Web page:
"I highly recommend "Grateful Conversations" for every library and poetry class. This anthology, edited by Dr. Maja Trochimczyk, a Polish American scholar and poet, and Ms. Kathi Stafford, an attorney and poet, presents work by Westside Women Writers, a group of nine poets that meet every month to share poems, encourage and learn from each other. As a poetry teacher, I know how important such feedback is, and I appreciate seeing in print the proof of this work in the form of workshop poems written after site visits to local museums. As a Serbian American poet and writer, I'm also very pleased to see the work of my former poetry student, Sonya Sabanac, featured so prominently in this anthology, especially her poems about our war-torn homeland and the trauma of displacement as an emigrant. I am also very happy to read the poems of Dr. Maja Trochimczyk, whose work I have known and appreciated for many years. These two fellow Slavic authors are joined in the anthology by poets with roots in California, whose names are well known in the literary circles of America, such as Millicent Borges Accardi, a Portugese American, Ambika Talwar, an Indian American, Lois P. Jones, or Georgia Jones-Davis.  Some of the poets are Jewish, some are Christian, some are spiritual without a religious denomination. All share the women's wisdom and maturity. All share their talents and poetic inspiration for which all readers should be grateful."

              ~ Dr. Mira N. Mataric, Poet, Writer, Translator, and Educator, Pasadena, California

"Nine women poets converse, wake us up, send us to higher ground. Grateful Conversations carries us in and out of the emotion of memory, family, spirit, solid things and landscapes. Unlike much modern poetry, the nine writers present life and hope, not death and loss. This anthology gives us abundance, not scarcity, joy, not the grating irritations of guilt, fear and dissolution. There are generous portions for each poet: Accardi, Butcher, Jones-Davis, Jones, Rogers, Sabanac, Stafford, Talwar, Trochimczyk each get twenty to thirty pages of poetry with photographs taken by the poets and also there are seven sections of workshop poems. These are poets on quests for spiritual renewal, yet the poems are not sticky with New Age platitudes, but articulate, moving, textured and the reader is grateful, uplifted. “Look at these dogwood blossoms/caught in the act of flying,” writes Lois P. Jones.  We look and we fly.

           ~ Alice Pero, author of Thawed Stars



Maja Trochimczyk, Sonya Sabanac and Susan Rogers


PHOTOS FROM NOVEMBER 25, 2018 READING AT BOLTON HALL MUSEUM

Grateful Conversations anthology was represented by Susan Rogers, Sonya Sabanac and Maja Trochimczyk, with a reading focused on the themes of gratitude, personal history, and life wisdom.



Maja Trochimczyk read her "Ode of the Lost" as well as the Lady with an Ermine" and Ciocia Tonia, about the fate of her maternal great aunt, deported to Siberia by Soviets in 1940/

Ciocia Tonia

~ for my Mother’s Aunt, Antonina “Tonia” Glińska, 
   deported by the Soviets to Siberia in 1940


Only a pear tree
between fields of sugar beets and corn.

Ripe pears — that’s all left from the house, 
barn and orchard. The farm where she raised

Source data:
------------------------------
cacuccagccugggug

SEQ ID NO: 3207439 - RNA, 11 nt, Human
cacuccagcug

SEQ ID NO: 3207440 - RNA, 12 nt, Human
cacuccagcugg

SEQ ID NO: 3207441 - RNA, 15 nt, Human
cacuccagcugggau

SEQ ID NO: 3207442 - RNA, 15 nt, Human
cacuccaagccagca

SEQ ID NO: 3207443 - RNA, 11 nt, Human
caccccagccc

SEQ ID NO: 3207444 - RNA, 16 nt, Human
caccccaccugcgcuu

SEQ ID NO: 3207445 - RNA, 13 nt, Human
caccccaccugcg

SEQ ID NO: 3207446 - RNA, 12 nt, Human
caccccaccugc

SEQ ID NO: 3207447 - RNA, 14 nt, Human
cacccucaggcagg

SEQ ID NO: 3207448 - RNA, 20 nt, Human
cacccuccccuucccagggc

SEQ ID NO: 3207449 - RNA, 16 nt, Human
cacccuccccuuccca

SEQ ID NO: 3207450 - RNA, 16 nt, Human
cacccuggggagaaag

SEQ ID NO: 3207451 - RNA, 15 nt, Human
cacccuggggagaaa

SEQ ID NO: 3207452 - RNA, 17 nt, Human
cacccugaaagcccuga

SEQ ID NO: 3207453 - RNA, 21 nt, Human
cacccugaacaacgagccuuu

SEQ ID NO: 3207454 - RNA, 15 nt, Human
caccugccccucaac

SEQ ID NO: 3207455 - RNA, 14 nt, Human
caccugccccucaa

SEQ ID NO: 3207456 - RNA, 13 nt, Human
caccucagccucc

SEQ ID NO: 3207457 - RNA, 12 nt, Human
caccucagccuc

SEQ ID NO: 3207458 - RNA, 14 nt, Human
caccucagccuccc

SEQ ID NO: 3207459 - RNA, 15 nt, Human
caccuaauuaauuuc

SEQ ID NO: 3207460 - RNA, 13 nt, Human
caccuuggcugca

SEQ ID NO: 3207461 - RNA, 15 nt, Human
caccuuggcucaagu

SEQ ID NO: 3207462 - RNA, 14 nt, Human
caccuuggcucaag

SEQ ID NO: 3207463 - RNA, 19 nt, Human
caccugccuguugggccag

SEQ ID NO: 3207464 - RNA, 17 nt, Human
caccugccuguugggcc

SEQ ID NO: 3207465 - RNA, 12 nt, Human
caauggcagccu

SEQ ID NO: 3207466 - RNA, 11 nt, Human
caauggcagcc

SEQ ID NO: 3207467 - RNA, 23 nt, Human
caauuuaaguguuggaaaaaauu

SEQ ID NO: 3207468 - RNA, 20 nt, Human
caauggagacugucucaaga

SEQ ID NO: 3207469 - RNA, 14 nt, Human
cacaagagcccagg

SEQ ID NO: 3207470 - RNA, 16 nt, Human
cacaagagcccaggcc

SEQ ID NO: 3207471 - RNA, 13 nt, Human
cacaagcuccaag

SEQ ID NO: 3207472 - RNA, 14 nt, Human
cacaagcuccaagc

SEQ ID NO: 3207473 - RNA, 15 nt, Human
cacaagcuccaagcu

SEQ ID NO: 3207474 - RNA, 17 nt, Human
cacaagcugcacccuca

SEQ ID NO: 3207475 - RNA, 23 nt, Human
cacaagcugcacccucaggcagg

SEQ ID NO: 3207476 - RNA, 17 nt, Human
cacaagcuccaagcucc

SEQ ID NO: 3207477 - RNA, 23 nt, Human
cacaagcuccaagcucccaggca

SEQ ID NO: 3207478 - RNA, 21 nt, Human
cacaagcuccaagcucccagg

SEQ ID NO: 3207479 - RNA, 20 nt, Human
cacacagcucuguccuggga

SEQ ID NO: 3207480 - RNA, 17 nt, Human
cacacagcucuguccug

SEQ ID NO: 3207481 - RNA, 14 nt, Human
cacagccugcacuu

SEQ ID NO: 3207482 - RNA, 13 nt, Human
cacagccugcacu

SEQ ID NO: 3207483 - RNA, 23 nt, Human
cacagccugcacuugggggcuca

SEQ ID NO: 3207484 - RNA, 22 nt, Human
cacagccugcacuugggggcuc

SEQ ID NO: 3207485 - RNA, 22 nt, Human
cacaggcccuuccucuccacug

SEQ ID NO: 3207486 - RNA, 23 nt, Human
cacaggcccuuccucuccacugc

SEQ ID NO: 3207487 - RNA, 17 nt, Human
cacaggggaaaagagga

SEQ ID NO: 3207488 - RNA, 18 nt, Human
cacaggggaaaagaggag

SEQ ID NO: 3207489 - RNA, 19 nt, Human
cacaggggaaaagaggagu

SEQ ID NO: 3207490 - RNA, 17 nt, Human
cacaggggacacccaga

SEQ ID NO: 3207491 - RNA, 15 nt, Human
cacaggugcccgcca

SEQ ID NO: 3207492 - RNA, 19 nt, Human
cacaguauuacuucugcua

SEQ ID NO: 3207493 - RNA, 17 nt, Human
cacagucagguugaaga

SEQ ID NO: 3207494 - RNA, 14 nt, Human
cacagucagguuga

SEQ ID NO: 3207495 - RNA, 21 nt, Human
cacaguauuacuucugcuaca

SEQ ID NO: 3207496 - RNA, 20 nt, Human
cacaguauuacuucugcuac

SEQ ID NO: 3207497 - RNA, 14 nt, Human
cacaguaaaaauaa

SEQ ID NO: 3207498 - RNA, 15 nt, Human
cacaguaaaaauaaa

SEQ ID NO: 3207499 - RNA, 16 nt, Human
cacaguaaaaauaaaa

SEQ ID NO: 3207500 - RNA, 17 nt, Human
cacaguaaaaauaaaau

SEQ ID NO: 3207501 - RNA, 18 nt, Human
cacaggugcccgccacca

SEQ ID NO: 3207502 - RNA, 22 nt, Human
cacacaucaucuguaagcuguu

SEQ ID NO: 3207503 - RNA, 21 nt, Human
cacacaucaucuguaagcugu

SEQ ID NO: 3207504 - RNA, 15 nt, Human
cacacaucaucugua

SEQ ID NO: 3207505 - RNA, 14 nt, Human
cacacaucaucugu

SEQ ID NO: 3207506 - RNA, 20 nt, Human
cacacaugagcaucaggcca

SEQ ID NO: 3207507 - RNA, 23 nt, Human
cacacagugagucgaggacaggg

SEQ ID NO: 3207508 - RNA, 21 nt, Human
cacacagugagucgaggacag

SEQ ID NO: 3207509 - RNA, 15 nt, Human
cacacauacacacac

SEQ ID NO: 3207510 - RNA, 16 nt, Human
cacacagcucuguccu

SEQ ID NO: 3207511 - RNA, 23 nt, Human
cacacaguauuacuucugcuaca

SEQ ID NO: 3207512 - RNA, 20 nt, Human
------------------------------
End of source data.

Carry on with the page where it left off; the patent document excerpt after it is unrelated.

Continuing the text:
her sons, milked her cows, and baked her bread.

Only a pear  tree. A lone memento 
standing forlorn in an August field.

They ploughed it over— the village church and bus stops, 
the neighbors’ corrals, where their horses used to neigh.
They ploughed it over — her garden of herbs 
and cosmos, its fragile lace of leaves kissed 
by sunlight, a dream of a flower, really — 
she used to so love its ephemeral beauty, 
a ghost of the past.

It was the worst, then, to see her neighbors 
running with news — her husband shot 
in the middle of the dusty village road.

No time for grief, she saved her tears for later.
The orders came at once: a day to pack,
a long train ride to an unfamiliar city, 
near a river she never longed to see.

They said, pack wisely — take only
 the warmest clothes, boots, pillows. 
Bring as much food as you can carry. 

Where you are going, there is nothing, 
except for freezing breath 
and bitter cold. 

It is not painful now, just surprising, 
her whole life gone, and only one tree left.
No trace of her ancestral village on the maps.

Only a pear tree 
in an empty field of stubble.

Only a pearl tree 
in her golden field of dreams. 

(c) 2018 by Maja Trochimczyk







Sonya Sabanac read poems about her immigrant experience as a war refugee from Serbia, who left during the Balkan war. Having lost everything and having left her country in a rush to save her life, she made a powerful anti-war statement in a poem that took over 10 years to write.






Susan Rogers presented five of her favorite poems, including perennial favorites, The Origin is One, Grass, and Longing for October, as well as the Grateful Conversations title poem of the entire anthology.


Susan Rogers

Grateful Conversations 


Everything we have we’re given
in love to use in love, in grace.
There is nothing we alone have written.

We are but a conversation
of light. Through this exchange we trace
everything we have. We’re given

sour and sweet, lemon, raisin
and grain to bind them into place—
There is nothing we alone have written.

We eat cakes but have forgotten
their origin. We have erased
everything. We have; we’re given.

We look. We laugh. We love. We listen.
We welcome gifts we embrace.
Yet there is nothing we alone have written.

Watch sunset turn to a ribbon.
Remember honey and its taste.
Everything we have we’re given.
There is nothing we alone have written.

(c) 2018 by Susan Rogers

Sonya Sabanac

Poets from Nov 25 reading. L to R seated: Sonya Sabanac, Andrew Kolo,
Susan Rogers, Konrad Tademar, Liliana Tademar. Standing: Mira Mataric
Maja Trochimczyk, Joe DeCenzo, Marlene Hitt, Phil Larsen, Pam Shea, and
guitarist Mark Achuff, special guest musician.